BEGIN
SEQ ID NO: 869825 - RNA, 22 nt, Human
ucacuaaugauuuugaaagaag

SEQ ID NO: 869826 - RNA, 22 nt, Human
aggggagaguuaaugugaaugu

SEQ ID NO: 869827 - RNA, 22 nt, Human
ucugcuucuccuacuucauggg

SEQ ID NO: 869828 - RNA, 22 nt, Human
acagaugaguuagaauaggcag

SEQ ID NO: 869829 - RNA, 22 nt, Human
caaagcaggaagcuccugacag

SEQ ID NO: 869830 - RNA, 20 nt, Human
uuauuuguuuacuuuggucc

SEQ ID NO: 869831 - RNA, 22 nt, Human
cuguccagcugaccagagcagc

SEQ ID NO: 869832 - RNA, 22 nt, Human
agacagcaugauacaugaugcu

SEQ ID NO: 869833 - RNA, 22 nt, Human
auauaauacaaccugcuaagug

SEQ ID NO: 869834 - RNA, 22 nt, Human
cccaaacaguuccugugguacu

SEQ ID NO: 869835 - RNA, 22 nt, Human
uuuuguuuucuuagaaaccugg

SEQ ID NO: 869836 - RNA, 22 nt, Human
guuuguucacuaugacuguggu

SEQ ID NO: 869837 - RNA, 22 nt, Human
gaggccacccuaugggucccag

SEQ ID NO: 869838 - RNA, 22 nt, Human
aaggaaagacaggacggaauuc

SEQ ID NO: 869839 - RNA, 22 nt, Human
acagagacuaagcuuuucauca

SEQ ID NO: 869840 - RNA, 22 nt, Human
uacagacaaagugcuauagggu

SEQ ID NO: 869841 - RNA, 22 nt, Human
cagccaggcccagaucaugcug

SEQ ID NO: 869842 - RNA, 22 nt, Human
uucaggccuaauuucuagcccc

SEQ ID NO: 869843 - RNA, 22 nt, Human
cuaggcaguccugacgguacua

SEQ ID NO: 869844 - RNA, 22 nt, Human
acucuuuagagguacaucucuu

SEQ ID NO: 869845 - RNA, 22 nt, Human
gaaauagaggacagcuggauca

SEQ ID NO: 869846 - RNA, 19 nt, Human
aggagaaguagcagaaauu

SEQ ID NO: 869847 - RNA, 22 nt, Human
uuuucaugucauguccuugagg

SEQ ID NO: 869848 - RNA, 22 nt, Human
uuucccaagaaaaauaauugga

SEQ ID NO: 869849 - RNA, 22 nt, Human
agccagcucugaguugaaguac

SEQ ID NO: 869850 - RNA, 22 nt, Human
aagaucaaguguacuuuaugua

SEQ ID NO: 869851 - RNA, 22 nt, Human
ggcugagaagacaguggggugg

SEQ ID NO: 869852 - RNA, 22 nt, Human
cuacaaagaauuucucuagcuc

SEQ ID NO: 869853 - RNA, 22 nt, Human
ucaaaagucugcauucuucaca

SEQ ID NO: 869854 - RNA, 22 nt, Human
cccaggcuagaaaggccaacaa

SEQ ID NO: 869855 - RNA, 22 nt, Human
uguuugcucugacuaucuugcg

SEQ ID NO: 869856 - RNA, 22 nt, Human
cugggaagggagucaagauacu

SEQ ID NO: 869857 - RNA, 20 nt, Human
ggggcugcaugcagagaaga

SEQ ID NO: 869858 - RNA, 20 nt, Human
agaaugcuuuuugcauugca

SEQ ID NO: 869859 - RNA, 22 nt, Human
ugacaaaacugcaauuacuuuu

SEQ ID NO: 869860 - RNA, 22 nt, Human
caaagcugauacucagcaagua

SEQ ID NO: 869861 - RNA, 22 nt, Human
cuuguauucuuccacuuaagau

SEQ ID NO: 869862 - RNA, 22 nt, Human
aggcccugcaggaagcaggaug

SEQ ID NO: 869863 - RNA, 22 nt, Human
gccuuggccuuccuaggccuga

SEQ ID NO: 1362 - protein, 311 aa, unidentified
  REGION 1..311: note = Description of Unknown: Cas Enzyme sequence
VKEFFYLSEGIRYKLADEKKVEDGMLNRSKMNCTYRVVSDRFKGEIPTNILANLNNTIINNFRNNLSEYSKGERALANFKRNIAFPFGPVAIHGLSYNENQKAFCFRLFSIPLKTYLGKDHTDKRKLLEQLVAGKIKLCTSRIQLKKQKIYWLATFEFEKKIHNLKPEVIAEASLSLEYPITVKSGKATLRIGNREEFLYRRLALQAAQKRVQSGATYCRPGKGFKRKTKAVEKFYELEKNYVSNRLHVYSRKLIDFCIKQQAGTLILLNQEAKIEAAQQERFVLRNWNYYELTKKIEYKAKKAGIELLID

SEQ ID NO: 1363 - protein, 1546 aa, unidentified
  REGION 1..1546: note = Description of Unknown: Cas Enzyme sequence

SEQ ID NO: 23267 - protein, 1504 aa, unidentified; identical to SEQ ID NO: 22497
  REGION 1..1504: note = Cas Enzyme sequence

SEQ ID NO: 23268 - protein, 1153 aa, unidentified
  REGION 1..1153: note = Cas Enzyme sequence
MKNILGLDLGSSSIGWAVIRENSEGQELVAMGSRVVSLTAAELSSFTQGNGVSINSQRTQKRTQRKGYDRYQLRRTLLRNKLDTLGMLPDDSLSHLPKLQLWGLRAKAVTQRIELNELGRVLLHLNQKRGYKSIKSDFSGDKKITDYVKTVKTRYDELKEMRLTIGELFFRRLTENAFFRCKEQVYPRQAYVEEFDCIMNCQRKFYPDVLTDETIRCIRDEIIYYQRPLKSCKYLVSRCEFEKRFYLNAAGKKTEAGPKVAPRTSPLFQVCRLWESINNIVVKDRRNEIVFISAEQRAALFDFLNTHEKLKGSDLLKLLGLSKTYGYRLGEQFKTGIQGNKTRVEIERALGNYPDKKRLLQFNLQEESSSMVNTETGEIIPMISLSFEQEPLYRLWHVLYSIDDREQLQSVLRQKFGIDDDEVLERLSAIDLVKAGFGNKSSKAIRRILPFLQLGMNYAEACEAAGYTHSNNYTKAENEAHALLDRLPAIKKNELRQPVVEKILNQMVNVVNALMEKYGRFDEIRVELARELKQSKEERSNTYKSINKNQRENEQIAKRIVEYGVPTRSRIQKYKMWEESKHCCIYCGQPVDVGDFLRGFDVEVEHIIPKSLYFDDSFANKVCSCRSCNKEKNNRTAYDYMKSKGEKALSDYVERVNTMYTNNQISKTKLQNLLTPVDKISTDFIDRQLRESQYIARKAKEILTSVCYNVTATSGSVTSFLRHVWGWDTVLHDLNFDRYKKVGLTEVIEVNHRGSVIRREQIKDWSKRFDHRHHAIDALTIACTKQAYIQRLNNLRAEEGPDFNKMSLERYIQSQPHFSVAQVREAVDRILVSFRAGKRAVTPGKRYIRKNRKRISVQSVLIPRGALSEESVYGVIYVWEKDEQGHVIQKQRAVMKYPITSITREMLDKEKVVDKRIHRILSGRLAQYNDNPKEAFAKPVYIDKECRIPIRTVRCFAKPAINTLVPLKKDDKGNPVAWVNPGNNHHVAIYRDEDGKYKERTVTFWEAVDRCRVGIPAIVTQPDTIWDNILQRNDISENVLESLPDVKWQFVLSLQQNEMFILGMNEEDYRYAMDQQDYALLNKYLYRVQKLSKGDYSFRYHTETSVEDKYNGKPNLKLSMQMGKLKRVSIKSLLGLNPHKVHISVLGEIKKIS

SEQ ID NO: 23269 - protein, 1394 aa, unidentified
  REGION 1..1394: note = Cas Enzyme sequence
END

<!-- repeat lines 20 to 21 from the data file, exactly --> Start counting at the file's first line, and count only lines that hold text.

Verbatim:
cccaaacaguuccugugguacu

SEQ ID NO: 869835 - RNA, 22 nt, Human